My wife might hate it: Fortunately, this didn't happen, although the lack of a decent tutorial/handover makes this a risk as there is a steep learning curve.
Although I'd watched a lot of videos, the major attractions to me were:
- Renewable-powered transport - I'm very green.
- Low maintenance costs - I hate car servicing/unexpected maintenance costs.
- Quietness - I find noise tiring.
- Stress-free road trips - I find the concentration required for road trips mentally challenging/headache inducing.
- Instant and powerful acceleration - this sounded like fun.
- The app - I liked the idea of turning on the heating before I got to the car.
Renewable-powered transport: The car uses about as much electricity as my solar panels generate in a year. That's nice. There's also no oil, grease, fumes on idle. Your garage doesn't get coated in oil. I spend virtually nothing on electricity using a combination of solar, off-peak and free chargers. Win!
Low maintenance costs: Electric engines are super-low maintenance compared to internal combustion ones. My first service isn't scheduled for another 10 months.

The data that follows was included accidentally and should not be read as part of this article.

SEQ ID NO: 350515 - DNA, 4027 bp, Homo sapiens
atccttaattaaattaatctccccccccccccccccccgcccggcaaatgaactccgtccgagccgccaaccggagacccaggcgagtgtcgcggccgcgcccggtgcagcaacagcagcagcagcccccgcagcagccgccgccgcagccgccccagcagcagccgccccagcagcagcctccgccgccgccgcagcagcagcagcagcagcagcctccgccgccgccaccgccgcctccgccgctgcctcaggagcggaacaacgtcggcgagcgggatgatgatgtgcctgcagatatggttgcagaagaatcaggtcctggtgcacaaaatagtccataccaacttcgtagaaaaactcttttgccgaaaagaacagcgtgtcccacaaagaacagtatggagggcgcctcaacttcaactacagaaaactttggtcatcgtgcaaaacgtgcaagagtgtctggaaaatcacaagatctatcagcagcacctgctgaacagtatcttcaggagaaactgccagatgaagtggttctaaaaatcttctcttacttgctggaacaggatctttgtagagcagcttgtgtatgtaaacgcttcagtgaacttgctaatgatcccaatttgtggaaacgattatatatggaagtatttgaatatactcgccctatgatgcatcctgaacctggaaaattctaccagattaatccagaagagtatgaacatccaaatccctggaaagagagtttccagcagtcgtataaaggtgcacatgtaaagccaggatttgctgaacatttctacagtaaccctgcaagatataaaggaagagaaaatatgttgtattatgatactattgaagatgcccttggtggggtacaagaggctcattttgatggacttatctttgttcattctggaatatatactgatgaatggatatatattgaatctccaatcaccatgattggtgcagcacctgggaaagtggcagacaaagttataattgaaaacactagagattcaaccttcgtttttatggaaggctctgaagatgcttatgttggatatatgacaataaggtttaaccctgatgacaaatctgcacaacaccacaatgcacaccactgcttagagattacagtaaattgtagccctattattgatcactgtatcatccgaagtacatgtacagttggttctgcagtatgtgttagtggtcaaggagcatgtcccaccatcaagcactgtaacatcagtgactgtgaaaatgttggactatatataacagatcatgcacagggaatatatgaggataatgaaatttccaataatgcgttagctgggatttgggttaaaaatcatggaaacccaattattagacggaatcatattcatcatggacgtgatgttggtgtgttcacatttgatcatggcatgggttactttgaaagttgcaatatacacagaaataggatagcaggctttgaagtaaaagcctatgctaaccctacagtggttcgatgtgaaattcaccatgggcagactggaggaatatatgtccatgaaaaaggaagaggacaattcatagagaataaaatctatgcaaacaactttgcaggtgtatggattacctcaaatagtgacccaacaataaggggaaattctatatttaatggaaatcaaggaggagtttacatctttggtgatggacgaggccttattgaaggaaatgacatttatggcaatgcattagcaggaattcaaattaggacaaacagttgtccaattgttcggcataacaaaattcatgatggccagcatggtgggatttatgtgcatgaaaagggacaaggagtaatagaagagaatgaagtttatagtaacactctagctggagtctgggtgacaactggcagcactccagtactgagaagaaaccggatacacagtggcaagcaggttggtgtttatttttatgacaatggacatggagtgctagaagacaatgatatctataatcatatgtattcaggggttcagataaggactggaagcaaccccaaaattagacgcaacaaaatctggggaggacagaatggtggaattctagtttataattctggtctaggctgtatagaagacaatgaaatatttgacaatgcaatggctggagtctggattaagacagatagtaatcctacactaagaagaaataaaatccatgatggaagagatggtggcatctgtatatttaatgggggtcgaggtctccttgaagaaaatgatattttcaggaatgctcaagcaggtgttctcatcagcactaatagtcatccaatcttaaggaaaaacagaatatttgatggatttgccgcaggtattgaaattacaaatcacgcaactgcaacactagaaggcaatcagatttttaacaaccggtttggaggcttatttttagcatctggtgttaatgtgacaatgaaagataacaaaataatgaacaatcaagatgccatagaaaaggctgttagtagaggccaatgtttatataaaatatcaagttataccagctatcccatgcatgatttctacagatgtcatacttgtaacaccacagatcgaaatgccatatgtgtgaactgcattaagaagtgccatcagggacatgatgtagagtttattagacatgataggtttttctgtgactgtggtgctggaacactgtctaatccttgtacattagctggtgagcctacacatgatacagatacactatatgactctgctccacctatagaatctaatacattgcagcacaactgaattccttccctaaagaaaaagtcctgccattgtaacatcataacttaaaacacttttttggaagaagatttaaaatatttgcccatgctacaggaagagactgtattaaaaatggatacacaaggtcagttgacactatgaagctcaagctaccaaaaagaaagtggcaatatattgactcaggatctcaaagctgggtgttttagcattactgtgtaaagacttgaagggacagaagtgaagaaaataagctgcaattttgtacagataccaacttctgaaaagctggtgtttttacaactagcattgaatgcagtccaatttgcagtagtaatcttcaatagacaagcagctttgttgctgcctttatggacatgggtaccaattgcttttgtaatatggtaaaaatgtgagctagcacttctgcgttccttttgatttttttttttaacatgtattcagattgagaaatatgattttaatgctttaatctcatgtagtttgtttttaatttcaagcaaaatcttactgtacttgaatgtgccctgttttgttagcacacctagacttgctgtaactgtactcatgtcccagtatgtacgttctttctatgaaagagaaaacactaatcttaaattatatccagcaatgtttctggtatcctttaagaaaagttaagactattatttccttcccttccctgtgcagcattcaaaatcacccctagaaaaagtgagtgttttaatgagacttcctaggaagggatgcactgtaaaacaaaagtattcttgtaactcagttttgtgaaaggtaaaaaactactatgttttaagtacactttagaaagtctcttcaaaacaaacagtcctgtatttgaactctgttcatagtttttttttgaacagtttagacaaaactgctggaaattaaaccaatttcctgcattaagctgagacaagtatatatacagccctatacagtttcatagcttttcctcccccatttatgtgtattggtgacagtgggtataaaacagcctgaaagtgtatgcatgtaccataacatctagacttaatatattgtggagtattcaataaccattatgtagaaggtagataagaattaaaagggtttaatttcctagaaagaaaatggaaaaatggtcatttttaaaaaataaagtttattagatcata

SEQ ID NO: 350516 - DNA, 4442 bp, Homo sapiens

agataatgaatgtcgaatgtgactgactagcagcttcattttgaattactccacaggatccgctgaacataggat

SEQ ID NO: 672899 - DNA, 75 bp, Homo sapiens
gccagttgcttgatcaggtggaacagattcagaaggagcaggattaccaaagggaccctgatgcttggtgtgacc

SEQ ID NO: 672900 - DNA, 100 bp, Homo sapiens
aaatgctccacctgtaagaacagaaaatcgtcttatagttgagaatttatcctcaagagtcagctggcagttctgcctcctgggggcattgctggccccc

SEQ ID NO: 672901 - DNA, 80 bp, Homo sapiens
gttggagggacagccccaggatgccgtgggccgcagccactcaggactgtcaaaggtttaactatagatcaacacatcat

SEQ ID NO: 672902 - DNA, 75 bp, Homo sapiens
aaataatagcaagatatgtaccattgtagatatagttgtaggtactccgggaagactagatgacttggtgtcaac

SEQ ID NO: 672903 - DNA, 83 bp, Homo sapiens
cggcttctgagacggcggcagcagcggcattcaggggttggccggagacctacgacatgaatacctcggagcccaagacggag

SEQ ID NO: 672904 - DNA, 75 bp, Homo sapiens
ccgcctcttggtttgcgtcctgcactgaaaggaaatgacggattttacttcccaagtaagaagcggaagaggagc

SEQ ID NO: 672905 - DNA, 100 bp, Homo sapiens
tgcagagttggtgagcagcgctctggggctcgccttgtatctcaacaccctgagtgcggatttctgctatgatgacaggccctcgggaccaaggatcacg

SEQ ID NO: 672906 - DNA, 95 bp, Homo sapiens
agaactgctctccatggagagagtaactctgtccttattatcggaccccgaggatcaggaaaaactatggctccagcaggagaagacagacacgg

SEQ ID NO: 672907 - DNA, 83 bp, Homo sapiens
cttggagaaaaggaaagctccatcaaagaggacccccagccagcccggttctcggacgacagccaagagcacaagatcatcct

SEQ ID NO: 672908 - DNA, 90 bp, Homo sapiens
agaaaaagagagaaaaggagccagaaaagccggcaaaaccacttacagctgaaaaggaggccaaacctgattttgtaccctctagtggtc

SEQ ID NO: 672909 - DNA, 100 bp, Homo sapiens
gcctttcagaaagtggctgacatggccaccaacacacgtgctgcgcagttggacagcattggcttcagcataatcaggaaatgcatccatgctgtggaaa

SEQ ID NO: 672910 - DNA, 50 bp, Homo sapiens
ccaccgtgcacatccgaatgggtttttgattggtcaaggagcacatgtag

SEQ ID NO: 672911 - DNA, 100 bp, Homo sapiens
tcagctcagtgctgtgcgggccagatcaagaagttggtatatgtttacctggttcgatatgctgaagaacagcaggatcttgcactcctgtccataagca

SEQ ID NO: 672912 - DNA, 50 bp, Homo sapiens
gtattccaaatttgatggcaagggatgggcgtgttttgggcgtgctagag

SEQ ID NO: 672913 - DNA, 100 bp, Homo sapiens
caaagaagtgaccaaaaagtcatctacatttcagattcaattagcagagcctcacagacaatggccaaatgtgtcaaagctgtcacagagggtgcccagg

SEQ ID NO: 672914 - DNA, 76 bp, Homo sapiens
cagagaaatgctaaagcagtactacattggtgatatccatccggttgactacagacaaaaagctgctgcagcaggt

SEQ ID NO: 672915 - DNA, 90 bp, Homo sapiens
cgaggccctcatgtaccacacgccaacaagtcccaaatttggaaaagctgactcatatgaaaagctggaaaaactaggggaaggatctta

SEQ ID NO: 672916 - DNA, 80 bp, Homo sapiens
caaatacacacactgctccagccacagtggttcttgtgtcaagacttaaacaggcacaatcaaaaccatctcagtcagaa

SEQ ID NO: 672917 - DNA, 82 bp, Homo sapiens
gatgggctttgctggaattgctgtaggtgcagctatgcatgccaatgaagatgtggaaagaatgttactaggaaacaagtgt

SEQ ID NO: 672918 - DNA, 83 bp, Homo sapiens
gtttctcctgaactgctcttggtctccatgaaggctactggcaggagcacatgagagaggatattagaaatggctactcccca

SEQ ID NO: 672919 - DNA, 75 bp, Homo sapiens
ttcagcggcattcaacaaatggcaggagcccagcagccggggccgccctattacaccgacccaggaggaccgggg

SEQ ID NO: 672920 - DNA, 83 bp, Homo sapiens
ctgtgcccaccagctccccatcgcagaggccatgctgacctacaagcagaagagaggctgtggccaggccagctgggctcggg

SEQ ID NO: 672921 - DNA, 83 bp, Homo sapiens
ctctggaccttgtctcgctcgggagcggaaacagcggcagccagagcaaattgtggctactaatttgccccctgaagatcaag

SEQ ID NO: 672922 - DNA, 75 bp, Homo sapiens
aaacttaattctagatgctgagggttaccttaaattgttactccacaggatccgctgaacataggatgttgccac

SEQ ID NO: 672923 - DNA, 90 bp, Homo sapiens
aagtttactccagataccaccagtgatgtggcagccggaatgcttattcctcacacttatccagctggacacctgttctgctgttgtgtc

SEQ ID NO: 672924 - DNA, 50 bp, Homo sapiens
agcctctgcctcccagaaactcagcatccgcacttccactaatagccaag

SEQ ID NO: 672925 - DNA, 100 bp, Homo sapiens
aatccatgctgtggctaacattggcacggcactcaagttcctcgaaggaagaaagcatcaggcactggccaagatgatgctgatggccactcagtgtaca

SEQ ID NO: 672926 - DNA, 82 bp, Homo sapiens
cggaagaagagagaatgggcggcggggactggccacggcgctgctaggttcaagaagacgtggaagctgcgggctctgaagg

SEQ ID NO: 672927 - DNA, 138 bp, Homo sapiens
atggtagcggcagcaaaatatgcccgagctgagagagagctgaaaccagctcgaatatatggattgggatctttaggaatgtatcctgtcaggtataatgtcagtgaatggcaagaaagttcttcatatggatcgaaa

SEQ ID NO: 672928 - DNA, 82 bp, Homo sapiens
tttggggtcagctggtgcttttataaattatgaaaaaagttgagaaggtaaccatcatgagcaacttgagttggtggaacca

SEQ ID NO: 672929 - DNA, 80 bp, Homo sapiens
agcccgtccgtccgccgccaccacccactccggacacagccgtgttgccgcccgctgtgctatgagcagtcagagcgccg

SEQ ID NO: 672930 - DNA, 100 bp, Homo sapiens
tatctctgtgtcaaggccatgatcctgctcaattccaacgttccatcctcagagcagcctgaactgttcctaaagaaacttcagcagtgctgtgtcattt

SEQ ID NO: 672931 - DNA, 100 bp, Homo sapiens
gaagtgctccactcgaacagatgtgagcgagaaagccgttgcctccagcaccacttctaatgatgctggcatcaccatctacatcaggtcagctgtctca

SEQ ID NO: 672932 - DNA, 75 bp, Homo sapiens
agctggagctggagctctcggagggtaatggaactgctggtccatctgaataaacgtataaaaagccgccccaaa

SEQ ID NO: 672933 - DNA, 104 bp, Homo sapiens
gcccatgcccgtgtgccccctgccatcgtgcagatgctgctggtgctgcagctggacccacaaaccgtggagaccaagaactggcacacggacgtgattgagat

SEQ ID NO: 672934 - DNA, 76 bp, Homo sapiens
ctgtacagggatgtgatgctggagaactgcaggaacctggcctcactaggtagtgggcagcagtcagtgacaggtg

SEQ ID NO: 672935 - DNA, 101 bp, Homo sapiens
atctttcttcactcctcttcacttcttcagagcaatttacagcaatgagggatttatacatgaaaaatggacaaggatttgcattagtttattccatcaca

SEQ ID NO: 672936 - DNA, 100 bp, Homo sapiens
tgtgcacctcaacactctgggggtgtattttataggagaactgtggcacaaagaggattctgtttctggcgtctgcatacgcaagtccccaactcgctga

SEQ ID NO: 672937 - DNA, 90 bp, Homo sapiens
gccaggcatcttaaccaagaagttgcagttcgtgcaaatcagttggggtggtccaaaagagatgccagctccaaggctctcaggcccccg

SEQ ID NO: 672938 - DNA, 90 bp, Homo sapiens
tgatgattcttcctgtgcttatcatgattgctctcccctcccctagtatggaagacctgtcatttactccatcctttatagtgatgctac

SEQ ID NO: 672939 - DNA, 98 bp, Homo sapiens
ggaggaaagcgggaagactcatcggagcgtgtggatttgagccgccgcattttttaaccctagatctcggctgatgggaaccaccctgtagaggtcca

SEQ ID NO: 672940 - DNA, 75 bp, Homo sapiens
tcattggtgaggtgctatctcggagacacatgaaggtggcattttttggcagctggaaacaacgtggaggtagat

Quietness: I hate noise in cars, especially on road trips. In the city at low speeds this thing is delightfully quiet. At 100 km/h you hear the wind and tyres on the road, but it's fine and not masked by engine drone.
Stress-free road trips: There's a lot of angst about range anxiety with EVs. Doing Melbourne-Adelaide I didn't experience any. The LR gets you about 400-450 km and if you recharge every 350 km or so for 30 minutes you're laughing. Wonderfully, the cruise control and autopilot on well-marked highways makes interstate trips a breeze.
Instant and powerful acceleration: I'm not a petrol-head, and ride bikes for thrills, but you don't know the power of the dark side until you've experienced it. This thing is amazingly fun to drive. The instant torque and (quiet) acceleration are addictive. My Porsche-loving mates were entranced by it on a recent test drive.
The app: The car is very online. If it is cold you can preheat the cabin, turn on the heated seats/steering wheel, check the charge level or pop the trunk for someone already at the car. I don't usually carry a key, just use the bluetooth in the phone and as I get near the car it unlocks. When I walk away it locks! Another cool feature is that when you are being picked up by someone driving it, you can pull out the app and see exactly where it is. Very handy!